The U.S. Food and Drug Administration does not strictly regulate herbs and supplements. There is no guarantee of strength, purity or safety of products, and effects may vary. You should always read product labels. If you have a medical condition, or are taking other drugs, herbs, or supplements, you should speak with a qualified healthcare provider before starting a new therapy. Consult a healthcare provider immediately if you experience side effects.
Interactions with Drugs
- Black seed may inhibit conception and uterine contractions. Caution is advised in patients taking drugs used for fertility or to induce labor.
- Black seed may have additive effects with antibiotics, drugs used to reduce inflammation, drugs used for parasites, drugs used for asthma, lipid lowering drugs, anti-cancer drugs, and drugs that affect the immune system.
Interactions with Herbs and Dietary Supplements
- Black seed may inhibit conception and uterine contractions. Caution is advised in patients taking herbs or supplements used for fertility or to induce labor.
- Black seed may have additive effects with antioxidants, antibiotics, herbs and supplements used to reduce inflammation, herbs and supplements used for parasites, herbs and supplements used for asthma, lipid lowering herbs and supplements, anti-cancer herbs and supplements, and herbs and supplements that affect the immune system.
Most herbs and supplements have not been thoroughly tested for interactions with other herbs, supplements, drugs, or foods. The interactions listed below are based on reports in scientific publications, laboratory experiments, or traditional use. You should always read product labels. If you have a medical condition, or are taking other drugs, herbs, or supplements, you should speak with a qualified healthcare provider before starting a new therapy.
- This information is based on a systematic review of scientific literature edited and peer-reviewed by contributors to the Natural Standard Research Collaboration ().
- Ali, BH and Blunden, G. Pharmacological and toxicological properties of Nigella sativa. Phytother Res. 2003;17(4):299-305.
- Awad, EM. In vitro decreases of the fibrinolytic potential of cultured human fibrosarcoma cell line, HT1080, by Nigella sativa oil. Phytomedicine. 2005;12(1-2):100-107.
- Farah, N, Benghuzzi, H, Tucci, M, et al. The effects of isolated antioxidants from black seed on the cellular metabolism of A549 cells. Biomed Sci Instrum. 2005;41:211-216.
- Gali-Muhtasib, H, Roessner, A, and Schneider-Stock, R. Thymoquinone: a promising anti-cancer drug from natural sources. Int J Biochem Cell Biol. 2006;38(8):1249-1253.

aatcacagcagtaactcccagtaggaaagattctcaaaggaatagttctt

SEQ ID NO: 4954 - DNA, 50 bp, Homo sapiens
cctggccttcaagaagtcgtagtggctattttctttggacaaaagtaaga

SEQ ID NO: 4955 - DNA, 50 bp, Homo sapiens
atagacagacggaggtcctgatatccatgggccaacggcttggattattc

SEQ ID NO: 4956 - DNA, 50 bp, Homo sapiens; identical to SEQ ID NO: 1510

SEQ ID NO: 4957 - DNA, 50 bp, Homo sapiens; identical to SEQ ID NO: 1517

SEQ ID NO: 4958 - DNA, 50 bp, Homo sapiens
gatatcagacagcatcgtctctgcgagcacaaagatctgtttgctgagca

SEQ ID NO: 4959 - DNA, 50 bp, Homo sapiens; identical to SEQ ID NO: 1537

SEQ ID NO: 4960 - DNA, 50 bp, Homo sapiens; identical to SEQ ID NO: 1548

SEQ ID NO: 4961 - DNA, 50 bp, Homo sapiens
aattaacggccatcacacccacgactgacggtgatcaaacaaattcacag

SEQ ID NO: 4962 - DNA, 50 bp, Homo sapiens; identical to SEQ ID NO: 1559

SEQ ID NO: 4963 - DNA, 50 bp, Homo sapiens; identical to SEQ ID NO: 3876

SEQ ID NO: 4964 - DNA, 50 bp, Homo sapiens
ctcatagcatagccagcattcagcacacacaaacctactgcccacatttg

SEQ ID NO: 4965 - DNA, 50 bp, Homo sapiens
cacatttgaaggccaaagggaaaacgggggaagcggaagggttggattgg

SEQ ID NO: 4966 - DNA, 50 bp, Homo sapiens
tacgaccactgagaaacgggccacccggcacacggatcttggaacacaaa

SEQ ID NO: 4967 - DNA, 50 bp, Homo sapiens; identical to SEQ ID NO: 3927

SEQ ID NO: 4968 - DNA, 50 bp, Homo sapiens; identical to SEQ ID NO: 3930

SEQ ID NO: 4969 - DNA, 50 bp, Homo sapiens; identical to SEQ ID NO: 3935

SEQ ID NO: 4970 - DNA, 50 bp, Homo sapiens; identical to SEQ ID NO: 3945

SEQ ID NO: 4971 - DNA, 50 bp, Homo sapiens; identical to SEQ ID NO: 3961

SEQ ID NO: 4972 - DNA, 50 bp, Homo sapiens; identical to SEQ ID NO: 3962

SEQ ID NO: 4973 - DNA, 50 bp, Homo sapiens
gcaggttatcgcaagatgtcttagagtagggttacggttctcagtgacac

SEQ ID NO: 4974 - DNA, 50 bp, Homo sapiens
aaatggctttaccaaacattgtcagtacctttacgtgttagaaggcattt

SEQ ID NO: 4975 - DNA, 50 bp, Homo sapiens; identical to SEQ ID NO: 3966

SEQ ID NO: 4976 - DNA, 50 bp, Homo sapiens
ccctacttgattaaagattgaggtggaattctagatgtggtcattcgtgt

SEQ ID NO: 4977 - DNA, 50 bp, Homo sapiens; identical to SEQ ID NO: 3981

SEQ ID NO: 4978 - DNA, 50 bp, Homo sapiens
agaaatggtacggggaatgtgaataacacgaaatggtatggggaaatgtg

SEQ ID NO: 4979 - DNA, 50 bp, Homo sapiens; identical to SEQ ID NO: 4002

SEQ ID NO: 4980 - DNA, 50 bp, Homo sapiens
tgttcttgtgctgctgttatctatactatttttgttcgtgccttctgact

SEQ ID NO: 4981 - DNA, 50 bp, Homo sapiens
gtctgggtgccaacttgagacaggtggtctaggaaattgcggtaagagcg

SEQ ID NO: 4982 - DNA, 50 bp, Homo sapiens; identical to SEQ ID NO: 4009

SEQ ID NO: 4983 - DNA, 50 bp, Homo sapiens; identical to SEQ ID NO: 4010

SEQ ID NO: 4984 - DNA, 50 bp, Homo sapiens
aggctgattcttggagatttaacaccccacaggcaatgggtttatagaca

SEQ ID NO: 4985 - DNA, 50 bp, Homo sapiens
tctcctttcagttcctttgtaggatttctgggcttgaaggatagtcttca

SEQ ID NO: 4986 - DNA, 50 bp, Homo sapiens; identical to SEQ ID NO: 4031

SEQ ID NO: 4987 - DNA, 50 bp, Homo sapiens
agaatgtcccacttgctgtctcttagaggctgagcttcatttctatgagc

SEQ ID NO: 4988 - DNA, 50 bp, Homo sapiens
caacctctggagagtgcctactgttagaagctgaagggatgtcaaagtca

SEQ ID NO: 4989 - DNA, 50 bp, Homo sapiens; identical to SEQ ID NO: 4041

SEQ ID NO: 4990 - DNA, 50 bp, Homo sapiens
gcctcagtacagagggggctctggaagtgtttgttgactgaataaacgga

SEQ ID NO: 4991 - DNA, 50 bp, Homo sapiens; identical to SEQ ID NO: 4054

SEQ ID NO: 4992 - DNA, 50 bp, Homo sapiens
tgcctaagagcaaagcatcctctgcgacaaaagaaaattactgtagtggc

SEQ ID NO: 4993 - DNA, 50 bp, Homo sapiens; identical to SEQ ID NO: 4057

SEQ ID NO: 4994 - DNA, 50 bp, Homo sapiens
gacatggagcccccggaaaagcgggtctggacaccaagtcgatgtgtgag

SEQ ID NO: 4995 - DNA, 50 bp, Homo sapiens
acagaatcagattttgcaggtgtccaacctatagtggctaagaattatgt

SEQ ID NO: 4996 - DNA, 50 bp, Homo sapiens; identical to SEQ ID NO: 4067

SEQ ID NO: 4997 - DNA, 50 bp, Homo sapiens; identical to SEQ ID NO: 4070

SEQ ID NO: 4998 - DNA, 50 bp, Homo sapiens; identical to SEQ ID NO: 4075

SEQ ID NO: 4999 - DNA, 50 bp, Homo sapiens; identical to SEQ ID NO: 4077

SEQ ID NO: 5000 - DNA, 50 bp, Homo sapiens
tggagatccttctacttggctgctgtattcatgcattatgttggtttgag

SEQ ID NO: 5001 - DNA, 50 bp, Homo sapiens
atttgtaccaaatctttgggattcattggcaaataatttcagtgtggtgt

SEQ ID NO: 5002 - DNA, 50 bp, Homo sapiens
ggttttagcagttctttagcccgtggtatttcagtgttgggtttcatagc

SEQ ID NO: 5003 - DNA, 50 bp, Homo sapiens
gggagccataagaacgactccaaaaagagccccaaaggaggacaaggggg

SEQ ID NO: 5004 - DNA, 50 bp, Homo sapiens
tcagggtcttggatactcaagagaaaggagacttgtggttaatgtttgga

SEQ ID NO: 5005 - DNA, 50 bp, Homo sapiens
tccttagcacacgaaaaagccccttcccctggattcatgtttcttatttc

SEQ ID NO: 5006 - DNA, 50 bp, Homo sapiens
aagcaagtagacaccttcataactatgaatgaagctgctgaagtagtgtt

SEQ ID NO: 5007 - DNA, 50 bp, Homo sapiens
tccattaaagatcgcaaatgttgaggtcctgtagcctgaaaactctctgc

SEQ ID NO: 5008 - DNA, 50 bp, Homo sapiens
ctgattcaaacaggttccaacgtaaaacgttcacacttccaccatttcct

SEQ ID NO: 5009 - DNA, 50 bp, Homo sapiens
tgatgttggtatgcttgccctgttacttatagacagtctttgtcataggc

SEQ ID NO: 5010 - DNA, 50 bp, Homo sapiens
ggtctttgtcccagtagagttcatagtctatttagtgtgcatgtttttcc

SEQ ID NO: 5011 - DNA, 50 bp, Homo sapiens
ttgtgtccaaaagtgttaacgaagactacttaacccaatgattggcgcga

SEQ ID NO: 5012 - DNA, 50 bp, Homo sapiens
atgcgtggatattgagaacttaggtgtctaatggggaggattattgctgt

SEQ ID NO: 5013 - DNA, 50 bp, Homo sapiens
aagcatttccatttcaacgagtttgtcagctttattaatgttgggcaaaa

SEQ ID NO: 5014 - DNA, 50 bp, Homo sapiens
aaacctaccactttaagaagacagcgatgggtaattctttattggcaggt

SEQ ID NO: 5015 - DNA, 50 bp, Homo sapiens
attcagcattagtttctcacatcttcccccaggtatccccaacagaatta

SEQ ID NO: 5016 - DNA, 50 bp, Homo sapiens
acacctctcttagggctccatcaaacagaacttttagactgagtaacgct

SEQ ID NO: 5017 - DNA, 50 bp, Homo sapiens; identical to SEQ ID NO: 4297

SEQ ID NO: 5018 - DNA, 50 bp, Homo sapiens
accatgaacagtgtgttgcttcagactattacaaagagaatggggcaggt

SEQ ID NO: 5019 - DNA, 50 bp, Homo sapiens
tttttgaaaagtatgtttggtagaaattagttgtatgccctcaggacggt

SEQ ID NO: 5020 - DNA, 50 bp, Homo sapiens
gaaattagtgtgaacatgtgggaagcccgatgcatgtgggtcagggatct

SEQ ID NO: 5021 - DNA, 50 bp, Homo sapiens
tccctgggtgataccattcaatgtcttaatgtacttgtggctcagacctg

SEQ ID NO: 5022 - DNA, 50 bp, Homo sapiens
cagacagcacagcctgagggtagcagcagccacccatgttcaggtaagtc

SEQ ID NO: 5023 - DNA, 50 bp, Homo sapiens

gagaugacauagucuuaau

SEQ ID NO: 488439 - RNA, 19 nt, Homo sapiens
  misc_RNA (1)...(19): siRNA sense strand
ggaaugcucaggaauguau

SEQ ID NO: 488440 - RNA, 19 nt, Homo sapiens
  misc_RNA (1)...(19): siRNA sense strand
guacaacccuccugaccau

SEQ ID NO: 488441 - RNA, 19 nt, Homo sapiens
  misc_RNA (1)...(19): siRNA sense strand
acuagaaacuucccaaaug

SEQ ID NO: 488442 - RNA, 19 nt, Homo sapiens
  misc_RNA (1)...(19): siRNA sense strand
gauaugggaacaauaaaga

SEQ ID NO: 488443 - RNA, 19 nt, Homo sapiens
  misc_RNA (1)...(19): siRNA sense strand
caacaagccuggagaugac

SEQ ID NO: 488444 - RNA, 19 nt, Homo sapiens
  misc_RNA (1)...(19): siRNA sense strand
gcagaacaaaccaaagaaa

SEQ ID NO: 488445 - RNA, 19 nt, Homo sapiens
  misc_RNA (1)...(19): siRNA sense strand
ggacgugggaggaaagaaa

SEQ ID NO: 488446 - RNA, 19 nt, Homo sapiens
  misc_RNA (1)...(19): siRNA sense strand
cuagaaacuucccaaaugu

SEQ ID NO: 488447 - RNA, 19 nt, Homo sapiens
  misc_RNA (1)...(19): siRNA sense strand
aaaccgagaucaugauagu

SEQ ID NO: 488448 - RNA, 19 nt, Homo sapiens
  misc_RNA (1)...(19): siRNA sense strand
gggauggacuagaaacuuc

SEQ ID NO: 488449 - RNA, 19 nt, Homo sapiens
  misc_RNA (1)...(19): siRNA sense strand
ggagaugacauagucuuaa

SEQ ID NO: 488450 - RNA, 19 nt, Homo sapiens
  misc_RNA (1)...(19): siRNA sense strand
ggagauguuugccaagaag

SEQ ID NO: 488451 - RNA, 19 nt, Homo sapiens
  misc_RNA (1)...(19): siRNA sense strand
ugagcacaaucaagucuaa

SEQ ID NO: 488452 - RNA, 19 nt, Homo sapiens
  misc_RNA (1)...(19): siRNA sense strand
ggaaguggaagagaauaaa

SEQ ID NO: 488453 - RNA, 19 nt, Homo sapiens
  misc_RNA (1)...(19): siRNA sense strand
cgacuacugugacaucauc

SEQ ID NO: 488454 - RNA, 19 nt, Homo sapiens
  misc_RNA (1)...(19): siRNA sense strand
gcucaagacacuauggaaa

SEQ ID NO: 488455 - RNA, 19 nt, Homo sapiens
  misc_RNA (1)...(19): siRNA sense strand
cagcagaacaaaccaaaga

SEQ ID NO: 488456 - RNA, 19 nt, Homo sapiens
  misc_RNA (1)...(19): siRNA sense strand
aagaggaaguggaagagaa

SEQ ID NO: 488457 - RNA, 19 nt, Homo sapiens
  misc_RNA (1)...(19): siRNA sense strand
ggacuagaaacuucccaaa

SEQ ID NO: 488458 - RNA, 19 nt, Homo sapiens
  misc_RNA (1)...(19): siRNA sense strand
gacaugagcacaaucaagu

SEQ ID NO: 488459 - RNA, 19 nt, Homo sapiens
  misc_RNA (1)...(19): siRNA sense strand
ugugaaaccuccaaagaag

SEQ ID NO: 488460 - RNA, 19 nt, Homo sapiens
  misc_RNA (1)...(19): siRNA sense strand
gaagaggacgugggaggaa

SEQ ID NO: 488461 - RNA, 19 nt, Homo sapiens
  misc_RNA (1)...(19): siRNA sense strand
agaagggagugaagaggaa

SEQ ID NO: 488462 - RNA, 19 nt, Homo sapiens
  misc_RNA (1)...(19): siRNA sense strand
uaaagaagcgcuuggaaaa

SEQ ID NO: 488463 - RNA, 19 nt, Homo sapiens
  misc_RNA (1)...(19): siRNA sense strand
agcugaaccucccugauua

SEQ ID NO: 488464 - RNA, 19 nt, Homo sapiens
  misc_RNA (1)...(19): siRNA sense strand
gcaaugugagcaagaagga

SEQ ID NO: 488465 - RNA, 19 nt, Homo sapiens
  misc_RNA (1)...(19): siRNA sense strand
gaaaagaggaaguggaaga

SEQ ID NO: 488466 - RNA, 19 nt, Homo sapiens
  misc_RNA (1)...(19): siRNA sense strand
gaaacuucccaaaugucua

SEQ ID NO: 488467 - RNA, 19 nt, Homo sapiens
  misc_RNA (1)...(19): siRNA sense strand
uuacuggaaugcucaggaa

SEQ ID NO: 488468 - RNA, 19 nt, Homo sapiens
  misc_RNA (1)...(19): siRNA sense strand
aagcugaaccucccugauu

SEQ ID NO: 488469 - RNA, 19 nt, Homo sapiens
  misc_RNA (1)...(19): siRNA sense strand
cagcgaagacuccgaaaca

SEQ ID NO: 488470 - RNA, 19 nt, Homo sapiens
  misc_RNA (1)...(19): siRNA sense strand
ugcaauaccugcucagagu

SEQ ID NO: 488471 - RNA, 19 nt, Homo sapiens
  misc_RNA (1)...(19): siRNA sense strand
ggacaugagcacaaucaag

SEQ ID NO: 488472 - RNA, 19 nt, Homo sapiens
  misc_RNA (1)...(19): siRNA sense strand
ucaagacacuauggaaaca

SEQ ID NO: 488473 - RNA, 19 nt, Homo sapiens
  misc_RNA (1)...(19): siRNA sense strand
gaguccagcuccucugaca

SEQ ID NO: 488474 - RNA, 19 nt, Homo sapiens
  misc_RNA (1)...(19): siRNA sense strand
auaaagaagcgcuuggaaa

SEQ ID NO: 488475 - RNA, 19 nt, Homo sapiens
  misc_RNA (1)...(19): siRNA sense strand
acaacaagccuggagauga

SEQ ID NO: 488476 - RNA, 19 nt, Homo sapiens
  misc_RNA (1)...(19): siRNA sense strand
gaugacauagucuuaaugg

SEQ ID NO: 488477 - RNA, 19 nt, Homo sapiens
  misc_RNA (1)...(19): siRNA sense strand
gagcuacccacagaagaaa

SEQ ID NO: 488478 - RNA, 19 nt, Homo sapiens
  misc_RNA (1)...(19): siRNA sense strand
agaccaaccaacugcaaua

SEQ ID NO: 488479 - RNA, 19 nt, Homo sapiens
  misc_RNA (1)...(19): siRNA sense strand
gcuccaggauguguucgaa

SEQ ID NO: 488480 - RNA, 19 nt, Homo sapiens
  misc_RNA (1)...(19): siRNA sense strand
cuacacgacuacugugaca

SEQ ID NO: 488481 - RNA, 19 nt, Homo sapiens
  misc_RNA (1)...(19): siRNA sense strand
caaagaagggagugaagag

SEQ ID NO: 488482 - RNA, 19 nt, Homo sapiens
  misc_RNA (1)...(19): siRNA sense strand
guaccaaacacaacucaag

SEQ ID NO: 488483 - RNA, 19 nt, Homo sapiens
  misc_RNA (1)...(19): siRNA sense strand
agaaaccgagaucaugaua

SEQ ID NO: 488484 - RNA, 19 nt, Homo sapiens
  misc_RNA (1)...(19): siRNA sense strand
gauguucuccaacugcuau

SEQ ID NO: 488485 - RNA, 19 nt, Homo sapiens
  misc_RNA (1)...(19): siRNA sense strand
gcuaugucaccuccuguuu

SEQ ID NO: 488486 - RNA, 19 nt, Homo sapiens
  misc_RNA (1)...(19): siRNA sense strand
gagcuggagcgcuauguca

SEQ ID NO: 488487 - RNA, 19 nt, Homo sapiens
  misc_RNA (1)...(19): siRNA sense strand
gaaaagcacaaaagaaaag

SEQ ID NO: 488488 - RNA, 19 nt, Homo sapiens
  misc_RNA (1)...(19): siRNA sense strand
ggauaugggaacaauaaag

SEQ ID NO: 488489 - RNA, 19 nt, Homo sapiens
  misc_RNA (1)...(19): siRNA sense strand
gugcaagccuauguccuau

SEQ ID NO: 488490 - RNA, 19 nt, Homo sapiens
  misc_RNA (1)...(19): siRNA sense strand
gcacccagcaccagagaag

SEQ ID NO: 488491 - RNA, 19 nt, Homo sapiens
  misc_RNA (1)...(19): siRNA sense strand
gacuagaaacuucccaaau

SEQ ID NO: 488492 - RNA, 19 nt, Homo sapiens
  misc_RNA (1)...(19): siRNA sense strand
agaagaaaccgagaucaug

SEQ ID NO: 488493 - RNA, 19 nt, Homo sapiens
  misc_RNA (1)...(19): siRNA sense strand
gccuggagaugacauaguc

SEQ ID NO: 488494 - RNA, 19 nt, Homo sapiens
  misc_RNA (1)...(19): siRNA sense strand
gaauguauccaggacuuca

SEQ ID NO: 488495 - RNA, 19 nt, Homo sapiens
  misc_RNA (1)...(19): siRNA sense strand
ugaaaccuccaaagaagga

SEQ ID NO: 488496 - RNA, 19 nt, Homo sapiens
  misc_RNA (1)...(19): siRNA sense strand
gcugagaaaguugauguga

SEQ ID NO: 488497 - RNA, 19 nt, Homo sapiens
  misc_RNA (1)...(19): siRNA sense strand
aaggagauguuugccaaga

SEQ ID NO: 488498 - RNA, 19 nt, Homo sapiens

- Gali-Muhtasib, H, Diab-Assaf, M, Boltze, C, et al. Thymoquinone extracted from black seed triggers apoptotic cell death in human colorectal cancer cells via a p53-dependent mechanism. Int J Oncol. 2004;25(4):857-866.
- Islam, SN, Begum, P, Ahsan, T, et al. Immunosuppressive and cytotoxic properties of Nigella sativa. Phytother Res. 2004;18(5):395-398.
- Kalus, U, Pruss, A, Bystron, J, et al. Effect of Nigella sativa (black seed) on subjective feeling in patients with allergic diseases. Phytother Res. 2003;17(10):1209-1214.
- Morsi, NM. Antimicrobial effect of crude extracts of Nigella sativa on multiple antibiotics-resistant bacteria. Acta Microbiol Pol. 2000;49(1):63-74.
- Norwood, AA, Tucci, M, and Benghuzzi, H. A comparison of 5-fluorouracil and natural chemotherapeutic agents, EGCG and thymoquinone, delivered by sustained drug delivery on colon cancer cells. Biomed Sci Instrum. 2007;43:272-277.
- Otoom, SA, Al Safi, SA, Kerem, ZK, et al. The use of medicinal herbs by diabetic Jordanian patients. J Herb Pharmacother. 2006;6(2):31-41.
- Rooney, S and Ryan, MF. Effects of alpha-hederin and thymoquinone, constituents of Nigella sativa, on human cancer cell lines. Anticancer Res. 2005;25(3B):2199-2204.
- Salem, ML. Immunomodulatory and therapeutic properties of the Nigella sativa L. seed. Int Immunopharmacol. 2005;5(13-14):1749-1770.
- Steinmann, A, Schatzle, M, Agathos, M, et al. Allergic contact dermatitis from black cumin (Nigella sativa) oil after topical use. Contact Dermatitis 1997;36(5):268-269.
- Suboh, SM, Bilto, YY, and Aburjai, TA. Protective effects of selected medicinal plants against protein degradation, lipid peroxidation and deformability loss of oxidatively stressed human erythrocytes. Phytother Res. 2004;18(4):280-284.
- Thabrew, MI, Mitry, RR, Morsy, MA, et al. Cytotoxic effects of a decoction of Nigella sativa, Hemidesmus indicus and Smilax glabra on human hepatoma HepG2 cells. Life Sci. 8-5-2005;77(12):1319-1330.
Natural Standard developed the above evidence-based information based on a thorough systematic review of the available scientific articles. For comprehensive information about alternative and complementary therapies on the professional level, go to . Selected references are listed below.